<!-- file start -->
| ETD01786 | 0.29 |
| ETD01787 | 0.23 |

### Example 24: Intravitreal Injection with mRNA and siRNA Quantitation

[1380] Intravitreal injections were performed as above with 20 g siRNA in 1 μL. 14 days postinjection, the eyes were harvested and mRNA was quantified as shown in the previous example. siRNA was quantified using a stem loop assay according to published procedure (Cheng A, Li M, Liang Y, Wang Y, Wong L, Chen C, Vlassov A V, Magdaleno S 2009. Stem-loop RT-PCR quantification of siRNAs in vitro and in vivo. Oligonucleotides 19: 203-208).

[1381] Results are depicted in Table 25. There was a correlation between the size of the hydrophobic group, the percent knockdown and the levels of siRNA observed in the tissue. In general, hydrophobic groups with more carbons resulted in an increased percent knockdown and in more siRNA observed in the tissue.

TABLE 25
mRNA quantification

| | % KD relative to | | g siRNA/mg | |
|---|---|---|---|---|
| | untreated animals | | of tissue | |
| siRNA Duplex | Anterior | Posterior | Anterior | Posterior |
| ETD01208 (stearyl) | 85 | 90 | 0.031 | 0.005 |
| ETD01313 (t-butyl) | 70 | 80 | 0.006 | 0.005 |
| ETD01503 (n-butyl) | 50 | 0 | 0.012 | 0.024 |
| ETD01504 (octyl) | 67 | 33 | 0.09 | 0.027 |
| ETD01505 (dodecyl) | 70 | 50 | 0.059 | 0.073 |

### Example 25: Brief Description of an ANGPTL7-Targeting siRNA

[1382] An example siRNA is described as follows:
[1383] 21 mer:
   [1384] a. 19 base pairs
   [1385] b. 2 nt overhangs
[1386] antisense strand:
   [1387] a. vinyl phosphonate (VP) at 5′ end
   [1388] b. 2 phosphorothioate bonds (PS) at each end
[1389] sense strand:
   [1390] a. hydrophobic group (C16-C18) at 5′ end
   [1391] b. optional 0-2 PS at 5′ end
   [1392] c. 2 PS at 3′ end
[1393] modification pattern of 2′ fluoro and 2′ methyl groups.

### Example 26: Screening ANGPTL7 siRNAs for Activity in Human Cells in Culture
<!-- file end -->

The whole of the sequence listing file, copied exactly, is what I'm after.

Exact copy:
| ETD01786 | 0.29 |
| ETD01787 | 0.23 |

### Example 24: Intravitreal Injection with mRNA and siRNA Quantitation

[1380] Intravitreal injections were performed as above with 20 g siRNA in 1 μL. 14 days postinjection, the eyes were harvested and mRNA was quantified as shown in the previous example. siRNA was quantified using a stem loop assay according to published procedure (Cheng A, Li M, Liang Y, Wang Y, Wong L, Chen C, Vlassov A V, Magdaleno S 2009. Stem-loop RT-PCR quantification of siRNAs in vitro and in vivo. Oligonucleotides 19: 203-208).

[1381] Results are depicted in Table 25. There was a correlation between the size of the hydrophobic group, the percent knockdown and the levels of siRNA observed in the tissue. In general, hydrophobic groups with more carbons resulted in an increased percent knockdown and in more siRNA observed in the tissue.

TABLE 25
mRNA quantification

| | % KD relative to | | g siRNA/mg | |
|---|---|---|---|---|
| | untreated animals | | of tissue | |
| siRNA Duplex | Anterior | Posterior | Anterior | Posterior |
| ETD01208 (stearyl) | 85 | 90 | 0.031 | 0.005 |
| ETD01313 (t-butyl) | 70 | 80 | 0.006 | 0.005 |
| ETD01503 (n-butyl) | 50 | 0 | 0.012 | 0.024 |
| ETD01504 (octyl) | 67 | 33 | 0.09 | 0.027 |
| ETD01505 (dodecyl) | 70 | 50 | 0.059 | 0.073 |

### Example 25: Brief Description of an ANGPTL7-Targeting siRNA

[1382] An example siRNA is described as follows:
[1383] 21 mer:
   [1384] a. 19 base pairs
   [1385] b. 2 nt overhangs
[1386] antisense strand:
   [1387] a. vinyl phosphonate (VP) at 5′ end
   [1388] b. 2 phosphorothioate bonds (PS) at each end
[1389] sense strand:
   [1390] a. hydrophobic group (C16-C18) at 5′ end
   [1391] b. optional 0-2 PS at 5′ end
   [1392] c. 2 PS at 3′ end
[1393] modification pattern of 2′ fluoro and 2′ methyl groups.

### Example 26: Screening ANGPTL7 siRNAs for Activity in Human Cells in Culture